It goes like this:

Bro rustles under the Christmas tree and extracts a present. He then passes said present to Dad. Dad reads out the name, feels the present, and then attempts to tell you what it is, thus defeating the point of opening the present. Sometimes he actually knows what’s inside it, and who it’s from, it’ll be something like this:

Dad: Oh-ho. This is for [insert child’s name]. I think…this is the present your Mum got you? Is this the book yes?

To which my mother replies

Mum: Baba, you’re spoiling Christmas

To which my Dad upturns his mouth and slaps his hands together with a shrug, murmuring, Oohh…in his old man voice.

At first it was slightly frustrating. The surprise was taken out of the occasion. But then it became something we all looked forward to, it became part of our Christmas tradition.

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#323 ~ 7 Things about Christmas.2 – Church

The etymology of the word Christmas pretty much requires you to remember the reason for the season. Christ derivates from the Greek Christos meaning anointed, and was the title bestowed upon Jesus of Nazareth by his followers, as he was seen as the Anointed Son of God, the long-awaited Messiah of the Jews who would save them from oppression. Mass is another term for the holy sacrament Eucharist, the sharing of Christ’s body and blood (Holy Communion), as performed in both the Catholic, Protestant and any other church of the Christian Faith. Put them together and you get Christmas: The Holy Communion/Feast of the Anointed.

Whether Jesus was really born on the 25th of December or not isn’t really important (theologians claim it was more likely around March). It makes sense to celebrate his birth during the darkest time of the year, and most of the Church’s calendar and Feast Days has been superimposed over pagan festivals – when better to remember the light of life than during the depths of winter?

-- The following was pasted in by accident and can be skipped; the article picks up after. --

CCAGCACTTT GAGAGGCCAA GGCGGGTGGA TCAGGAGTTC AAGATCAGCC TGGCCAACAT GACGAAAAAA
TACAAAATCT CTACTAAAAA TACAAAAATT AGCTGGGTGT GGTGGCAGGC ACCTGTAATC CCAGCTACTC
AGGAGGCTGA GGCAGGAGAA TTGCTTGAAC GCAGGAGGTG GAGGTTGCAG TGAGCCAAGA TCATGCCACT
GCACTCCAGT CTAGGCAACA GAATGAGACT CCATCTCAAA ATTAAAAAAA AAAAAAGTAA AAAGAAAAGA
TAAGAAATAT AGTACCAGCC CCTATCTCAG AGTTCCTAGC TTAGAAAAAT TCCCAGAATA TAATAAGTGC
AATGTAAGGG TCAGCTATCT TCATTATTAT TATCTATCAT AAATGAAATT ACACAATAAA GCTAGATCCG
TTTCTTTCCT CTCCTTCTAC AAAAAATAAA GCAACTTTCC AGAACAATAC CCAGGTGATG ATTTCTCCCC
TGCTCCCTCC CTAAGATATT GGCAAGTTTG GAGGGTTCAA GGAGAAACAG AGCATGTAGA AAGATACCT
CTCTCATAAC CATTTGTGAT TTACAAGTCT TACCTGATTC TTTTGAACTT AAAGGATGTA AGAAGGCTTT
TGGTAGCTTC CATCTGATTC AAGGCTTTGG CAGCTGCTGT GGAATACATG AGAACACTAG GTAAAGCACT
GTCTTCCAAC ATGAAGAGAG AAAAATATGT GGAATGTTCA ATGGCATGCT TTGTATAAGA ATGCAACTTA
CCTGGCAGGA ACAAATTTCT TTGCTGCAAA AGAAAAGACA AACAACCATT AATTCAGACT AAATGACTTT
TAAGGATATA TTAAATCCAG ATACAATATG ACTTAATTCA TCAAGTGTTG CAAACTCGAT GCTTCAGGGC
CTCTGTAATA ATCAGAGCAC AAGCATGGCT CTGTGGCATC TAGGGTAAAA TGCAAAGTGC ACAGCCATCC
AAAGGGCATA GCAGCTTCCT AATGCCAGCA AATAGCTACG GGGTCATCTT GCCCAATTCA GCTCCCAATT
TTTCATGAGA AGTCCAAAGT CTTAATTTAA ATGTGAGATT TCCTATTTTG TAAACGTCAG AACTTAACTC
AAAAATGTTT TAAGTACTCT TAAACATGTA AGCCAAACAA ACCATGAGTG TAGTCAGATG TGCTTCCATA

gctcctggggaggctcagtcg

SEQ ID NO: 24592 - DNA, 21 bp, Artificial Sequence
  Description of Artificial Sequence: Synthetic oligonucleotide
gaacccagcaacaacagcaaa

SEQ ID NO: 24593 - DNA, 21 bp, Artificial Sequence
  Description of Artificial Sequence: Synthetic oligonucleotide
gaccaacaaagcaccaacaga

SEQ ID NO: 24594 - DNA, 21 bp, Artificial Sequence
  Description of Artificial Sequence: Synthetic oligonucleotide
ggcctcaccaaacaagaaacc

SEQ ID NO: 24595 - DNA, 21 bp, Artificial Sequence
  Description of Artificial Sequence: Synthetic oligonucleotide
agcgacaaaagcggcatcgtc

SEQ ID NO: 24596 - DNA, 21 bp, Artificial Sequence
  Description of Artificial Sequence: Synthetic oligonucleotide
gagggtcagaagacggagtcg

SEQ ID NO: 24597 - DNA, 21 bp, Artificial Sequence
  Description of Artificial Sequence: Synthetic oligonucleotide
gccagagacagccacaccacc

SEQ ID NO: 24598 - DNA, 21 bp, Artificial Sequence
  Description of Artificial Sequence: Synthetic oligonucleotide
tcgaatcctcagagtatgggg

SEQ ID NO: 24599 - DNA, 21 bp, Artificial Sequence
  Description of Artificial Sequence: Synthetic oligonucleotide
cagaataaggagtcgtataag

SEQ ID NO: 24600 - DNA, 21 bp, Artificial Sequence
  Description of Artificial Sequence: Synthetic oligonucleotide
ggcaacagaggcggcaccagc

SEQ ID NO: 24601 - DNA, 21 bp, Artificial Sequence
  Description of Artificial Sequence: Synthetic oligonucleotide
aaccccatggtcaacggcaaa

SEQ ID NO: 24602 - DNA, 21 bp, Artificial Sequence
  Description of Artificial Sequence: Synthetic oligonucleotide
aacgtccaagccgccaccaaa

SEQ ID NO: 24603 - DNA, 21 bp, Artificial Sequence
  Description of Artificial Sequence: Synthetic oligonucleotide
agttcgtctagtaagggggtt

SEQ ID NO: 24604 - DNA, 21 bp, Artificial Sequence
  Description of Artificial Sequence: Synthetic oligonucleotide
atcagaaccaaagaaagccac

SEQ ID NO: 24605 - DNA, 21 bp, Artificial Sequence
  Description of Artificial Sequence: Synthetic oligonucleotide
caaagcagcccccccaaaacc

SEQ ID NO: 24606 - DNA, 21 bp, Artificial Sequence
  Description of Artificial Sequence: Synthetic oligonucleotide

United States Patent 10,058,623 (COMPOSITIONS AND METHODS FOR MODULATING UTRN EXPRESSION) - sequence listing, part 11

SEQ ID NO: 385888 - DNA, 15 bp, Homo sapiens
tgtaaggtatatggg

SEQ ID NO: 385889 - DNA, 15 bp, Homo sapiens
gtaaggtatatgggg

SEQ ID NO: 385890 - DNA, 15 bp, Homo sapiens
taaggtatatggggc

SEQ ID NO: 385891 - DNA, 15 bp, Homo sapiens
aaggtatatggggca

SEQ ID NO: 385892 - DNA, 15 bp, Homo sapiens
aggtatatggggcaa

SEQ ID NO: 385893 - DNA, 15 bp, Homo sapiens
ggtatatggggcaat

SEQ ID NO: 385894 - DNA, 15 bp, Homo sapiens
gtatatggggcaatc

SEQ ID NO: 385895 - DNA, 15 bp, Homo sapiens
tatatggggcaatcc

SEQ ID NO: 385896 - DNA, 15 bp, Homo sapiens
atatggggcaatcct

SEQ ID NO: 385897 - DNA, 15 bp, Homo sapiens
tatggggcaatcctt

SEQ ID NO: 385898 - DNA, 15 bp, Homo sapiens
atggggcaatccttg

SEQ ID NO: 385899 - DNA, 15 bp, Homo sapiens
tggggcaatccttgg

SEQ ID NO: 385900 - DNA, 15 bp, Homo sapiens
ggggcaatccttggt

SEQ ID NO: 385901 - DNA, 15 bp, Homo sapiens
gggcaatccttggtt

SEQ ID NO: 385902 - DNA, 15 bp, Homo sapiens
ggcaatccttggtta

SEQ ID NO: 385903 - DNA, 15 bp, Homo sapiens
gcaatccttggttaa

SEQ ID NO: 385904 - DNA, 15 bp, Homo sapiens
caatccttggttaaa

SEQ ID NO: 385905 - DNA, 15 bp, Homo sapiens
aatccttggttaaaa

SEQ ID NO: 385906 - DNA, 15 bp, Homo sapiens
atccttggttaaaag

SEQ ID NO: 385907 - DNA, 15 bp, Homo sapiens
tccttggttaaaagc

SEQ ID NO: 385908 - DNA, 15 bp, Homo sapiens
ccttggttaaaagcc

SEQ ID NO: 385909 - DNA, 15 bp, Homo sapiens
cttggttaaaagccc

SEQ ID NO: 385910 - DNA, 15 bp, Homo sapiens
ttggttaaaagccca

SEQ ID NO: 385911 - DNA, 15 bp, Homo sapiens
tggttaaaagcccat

What’s really cool about going to Church on Christmas day, even if you aren’t religious, is that it manages to actually give a purpose to the mindless capitalism that has wrecked this holiday season. Christmas is a time of fellowship, a time of reflecting on life as being one that is full of light, of hope, of goodness. Sure sharing presents and breaking the bank are also enjoyable extras, but it’s a time, in the middle of what is generally a bleak midwinter, when we can reflect on what’s good in the world. When we can actually STOP, breathe, think and remember. When we are, in a way, forced to remind ourselves who and what we love and to show them. And for those that aren’t religious and don’t know the gift of grace and new life that Christ offers, it’s a time to wonder about the mystery of life, and the power of hope.

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#322 ~ 7 Things about Christmas. 1 – The Morning

Waking up in the morning. I never understood the children who were allowed to rip open presents before the sun had peeped over a dreary sky to groan good morning – again. I’ve happily learnt to consign and confine myself to the platoon of people known as night-workers. We slog through the night and catch a sunrise, never sleep through the night and wake to a sunrise. In my house, tardiness has become an accepted part of our genetics. When together we make each other late – we literally seem incapable to be punctual once we are re-assembled as a family unit, any punctuality attained in our private lives  flies swiftly out the skylight window of our room. Christmas morning is no different. Every year my mother prepares a beautiful breakfast of oat crunch, yogurt, muffins, brioche, juice and many other niceties. We never make it down in time. Her disappointment follows us to the car as we fly out the front door, still pulling on clothes, saying thank you for our stockings before we bundle into the car, maybe a satsuma in hand, for church. This year, mum just warmed some brioche and left them on the table –  she’s learning; we had just enough time to grab 2 each before stumbling to the car.

Yet the morning is one of the best parts. We don’t wake too early, but when you crack your eyes open and recoil from the daylight knocking on your window panes, you’re able, for a few seconds, to really give thanks for the day. You spy your stocking and the long tube of Toblerone sticking out (a family necessity on this particular day of the year), and you smell the turkey roasting, and you smile – food is coming, you’re home safe, life is good.

This year my mother squealed with delight as she received her first stocking since she was a little child, that made her morning.